Final Bus Stop Bangladesh

June twentieth marked the end of three public installation performances known as Bus Stop Bangladesh. The saris of Roxana, Parveen, Zakia, and Zulekha were hung from Mt. Rainier City Hall.

Reactions by the public to the performance ranged from local residents baffled by their surroundings while gaping at brightly colored and elegant reams of cloth which hung from their normally banal transit shelter and government building, to routing for more details on these women’s way of life and their origins. Many people engaged Bose and her assistants in conversation, prompting them with questions, curiosities, and comments.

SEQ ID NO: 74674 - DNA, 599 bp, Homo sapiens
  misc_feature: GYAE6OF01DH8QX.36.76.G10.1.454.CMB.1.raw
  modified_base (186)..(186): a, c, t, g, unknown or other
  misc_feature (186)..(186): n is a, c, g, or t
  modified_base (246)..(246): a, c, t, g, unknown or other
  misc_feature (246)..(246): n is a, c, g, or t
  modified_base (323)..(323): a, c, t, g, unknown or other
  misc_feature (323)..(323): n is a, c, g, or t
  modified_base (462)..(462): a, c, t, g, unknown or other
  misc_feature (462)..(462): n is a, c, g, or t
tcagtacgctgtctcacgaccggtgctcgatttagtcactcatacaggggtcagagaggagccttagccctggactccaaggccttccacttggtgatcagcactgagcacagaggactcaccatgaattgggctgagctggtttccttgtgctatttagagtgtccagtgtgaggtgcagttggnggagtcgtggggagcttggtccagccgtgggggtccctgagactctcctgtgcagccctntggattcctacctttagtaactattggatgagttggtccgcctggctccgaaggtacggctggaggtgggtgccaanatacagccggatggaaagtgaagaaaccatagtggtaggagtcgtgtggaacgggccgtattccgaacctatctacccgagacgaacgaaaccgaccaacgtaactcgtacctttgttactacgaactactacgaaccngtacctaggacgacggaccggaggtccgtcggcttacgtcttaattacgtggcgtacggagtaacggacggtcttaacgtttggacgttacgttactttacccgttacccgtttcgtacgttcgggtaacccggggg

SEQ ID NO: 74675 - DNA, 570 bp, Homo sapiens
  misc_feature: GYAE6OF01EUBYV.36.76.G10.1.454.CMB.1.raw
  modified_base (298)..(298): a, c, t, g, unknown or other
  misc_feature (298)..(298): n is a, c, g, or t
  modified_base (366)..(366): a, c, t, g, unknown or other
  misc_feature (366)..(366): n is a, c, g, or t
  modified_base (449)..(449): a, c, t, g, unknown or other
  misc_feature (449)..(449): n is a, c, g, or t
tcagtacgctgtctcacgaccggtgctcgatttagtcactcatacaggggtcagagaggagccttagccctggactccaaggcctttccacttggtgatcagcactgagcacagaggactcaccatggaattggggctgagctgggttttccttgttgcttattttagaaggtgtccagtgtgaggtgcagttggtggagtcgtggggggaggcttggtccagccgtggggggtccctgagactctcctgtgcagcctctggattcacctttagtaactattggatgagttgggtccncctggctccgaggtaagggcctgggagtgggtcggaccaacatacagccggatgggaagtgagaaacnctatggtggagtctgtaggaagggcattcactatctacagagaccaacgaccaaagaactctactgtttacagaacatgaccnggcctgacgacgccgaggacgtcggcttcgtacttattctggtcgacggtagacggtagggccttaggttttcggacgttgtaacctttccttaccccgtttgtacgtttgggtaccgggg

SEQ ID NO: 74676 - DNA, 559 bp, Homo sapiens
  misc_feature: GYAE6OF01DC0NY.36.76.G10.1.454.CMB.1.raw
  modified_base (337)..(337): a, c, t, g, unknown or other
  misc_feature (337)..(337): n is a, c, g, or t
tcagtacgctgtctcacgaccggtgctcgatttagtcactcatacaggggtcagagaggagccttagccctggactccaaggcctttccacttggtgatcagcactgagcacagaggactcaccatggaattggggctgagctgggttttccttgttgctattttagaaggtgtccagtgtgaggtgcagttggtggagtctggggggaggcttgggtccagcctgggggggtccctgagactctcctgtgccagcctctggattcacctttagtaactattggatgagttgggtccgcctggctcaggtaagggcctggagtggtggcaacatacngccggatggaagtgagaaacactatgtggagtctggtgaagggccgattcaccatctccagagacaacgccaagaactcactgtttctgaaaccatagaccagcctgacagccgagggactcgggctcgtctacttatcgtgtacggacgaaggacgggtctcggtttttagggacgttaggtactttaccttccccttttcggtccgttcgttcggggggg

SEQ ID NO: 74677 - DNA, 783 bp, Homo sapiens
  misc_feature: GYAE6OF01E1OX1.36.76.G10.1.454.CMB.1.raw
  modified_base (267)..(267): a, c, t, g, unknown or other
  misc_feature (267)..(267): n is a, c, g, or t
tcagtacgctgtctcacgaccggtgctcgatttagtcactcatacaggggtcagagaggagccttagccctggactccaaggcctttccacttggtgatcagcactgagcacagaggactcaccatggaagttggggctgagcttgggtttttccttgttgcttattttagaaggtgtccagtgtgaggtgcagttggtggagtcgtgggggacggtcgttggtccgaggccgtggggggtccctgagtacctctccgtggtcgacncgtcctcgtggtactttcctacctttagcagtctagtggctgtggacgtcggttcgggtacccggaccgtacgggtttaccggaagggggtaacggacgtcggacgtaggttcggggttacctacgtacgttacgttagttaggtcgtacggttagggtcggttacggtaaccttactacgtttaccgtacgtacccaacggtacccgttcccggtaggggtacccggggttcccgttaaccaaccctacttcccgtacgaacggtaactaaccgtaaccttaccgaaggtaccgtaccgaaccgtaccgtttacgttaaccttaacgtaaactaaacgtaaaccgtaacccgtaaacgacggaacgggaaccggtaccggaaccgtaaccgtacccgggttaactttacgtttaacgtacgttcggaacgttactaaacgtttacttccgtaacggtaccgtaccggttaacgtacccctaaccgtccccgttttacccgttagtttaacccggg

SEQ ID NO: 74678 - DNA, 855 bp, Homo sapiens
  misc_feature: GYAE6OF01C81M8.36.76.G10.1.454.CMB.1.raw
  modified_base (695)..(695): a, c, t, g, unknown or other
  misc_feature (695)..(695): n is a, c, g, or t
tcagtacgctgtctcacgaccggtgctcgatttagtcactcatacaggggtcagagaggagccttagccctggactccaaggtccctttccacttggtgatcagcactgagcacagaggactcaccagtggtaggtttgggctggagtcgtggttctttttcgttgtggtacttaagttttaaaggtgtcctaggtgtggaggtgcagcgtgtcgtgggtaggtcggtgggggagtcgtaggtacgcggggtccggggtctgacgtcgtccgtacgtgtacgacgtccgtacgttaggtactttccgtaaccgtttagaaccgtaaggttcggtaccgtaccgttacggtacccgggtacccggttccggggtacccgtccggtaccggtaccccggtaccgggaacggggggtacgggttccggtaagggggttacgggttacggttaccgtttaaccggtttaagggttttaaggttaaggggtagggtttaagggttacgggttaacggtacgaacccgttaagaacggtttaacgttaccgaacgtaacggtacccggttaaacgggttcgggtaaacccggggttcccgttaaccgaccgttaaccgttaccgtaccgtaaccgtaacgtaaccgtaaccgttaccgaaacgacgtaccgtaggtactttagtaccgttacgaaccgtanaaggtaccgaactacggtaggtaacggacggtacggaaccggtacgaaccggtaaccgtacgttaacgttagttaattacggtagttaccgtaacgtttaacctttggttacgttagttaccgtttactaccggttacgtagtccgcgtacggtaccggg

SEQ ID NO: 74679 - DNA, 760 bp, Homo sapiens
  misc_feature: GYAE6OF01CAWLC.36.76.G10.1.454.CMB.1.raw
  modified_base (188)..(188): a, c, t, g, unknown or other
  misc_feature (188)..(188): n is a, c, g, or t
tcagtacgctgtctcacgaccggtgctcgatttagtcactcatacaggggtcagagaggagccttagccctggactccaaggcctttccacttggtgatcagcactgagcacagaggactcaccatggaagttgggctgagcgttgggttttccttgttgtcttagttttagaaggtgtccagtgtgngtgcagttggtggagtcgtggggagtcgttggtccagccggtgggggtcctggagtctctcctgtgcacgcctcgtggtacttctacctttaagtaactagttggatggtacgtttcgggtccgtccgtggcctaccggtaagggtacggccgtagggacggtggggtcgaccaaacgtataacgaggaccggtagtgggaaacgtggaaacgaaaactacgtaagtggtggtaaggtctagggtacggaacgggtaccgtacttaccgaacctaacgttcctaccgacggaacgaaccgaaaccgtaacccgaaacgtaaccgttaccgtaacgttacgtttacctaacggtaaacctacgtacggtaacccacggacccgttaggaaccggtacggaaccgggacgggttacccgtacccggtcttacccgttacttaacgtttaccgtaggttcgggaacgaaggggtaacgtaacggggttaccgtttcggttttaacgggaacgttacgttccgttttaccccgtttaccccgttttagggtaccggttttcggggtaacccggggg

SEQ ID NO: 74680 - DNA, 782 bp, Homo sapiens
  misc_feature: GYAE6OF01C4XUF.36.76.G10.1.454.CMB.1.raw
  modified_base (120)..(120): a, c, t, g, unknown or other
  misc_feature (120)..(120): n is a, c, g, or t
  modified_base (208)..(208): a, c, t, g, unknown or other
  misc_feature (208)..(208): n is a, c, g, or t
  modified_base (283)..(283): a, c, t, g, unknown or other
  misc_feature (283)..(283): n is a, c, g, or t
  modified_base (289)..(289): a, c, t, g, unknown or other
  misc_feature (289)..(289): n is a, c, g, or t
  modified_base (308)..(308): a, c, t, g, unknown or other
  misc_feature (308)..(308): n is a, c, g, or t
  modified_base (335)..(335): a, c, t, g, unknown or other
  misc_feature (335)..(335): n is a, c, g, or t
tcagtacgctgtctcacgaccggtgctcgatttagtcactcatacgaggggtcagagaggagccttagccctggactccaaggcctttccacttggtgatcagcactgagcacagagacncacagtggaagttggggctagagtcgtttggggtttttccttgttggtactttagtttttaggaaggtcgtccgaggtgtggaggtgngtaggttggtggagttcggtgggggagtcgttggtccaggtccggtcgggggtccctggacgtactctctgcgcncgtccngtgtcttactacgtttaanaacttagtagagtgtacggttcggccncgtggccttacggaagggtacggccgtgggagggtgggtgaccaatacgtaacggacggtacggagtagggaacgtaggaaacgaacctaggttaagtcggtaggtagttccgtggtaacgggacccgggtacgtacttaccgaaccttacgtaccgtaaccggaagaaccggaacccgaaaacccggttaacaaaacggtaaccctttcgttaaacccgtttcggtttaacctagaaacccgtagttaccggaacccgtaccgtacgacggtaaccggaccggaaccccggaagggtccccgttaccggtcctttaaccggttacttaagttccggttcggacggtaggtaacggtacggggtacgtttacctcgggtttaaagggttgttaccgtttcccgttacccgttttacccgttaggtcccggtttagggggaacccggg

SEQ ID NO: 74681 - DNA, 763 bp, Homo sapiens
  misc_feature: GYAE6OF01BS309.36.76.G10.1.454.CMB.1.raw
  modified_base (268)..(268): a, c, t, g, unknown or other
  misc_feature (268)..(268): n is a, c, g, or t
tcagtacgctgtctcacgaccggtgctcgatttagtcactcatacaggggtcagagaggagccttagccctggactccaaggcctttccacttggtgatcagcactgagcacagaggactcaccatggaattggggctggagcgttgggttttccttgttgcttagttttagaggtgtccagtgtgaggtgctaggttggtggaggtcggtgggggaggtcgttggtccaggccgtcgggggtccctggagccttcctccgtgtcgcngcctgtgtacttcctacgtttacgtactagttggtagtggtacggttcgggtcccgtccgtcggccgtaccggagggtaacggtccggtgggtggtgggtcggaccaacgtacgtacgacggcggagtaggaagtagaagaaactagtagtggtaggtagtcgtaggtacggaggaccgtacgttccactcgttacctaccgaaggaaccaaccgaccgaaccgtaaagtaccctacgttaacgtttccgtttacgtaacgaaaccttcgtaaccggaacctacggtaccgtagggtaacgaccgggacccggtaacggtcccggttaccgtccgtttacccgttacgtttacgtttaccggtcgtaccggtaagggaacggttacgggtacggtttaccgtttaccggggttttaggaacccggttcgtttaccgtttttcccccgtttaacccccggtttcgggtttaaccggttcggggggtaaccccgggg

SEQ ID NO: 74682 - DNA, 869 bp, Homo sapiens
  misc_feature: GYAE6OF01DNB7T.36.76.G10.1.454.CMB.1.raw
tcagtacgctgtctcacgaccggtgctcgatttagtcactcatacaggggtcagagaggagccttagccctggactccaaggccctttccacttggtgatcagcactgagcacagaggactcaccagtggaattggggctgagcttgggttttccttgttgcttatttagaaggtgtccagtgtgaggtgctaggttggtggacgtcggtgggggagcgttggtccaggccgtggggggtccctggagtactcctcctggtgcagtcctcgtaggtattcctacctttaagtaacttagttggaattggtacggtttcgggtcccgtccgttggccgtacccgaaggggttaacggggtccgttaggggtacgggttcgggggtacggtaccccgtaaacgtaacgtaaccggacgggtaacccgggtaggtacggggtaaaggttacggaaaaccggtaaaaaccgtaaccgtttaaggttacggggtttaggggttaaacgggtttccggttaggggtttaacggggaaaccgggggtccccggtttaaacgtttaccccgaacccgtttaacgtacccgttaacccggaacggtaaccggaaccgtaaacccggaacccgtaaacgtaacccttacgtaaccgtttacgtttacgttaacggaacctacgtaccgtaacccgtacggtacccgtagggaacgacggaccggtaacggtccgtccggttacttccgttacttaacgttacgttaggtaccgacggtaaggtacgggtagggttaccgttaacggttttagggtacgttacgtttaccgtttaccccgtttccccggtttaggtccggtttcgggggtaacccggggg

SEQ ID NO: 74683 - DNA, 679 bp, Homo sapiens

Bose’s 13-year old daughter, Tuli, who is fluent in both Spanish and Bengali, wrapped in a sari (pictured below in the red sari), interacted with bus passengers during the final installation/performance. She was particularly moved by one Hispanic resident who proclaimed to her that she too could not read or write, sharing a similar experience to the women of Katakhali prior to their recent education.

Residents began to crowd around the bus stop fascinated by both the monumental presence of the saris and the delicate ethereal quality of the material, eager to touch the garments, bringing them closer to the lives of the Katakhali women. As the stories unfolded through the performance and the public fell deeper into the sounds of Katakhali and the visual sensation of flowing saris, the complex layers between place, culture, and history began to unravel, revealing less of humanity’s differences, and rather exposing its common core.




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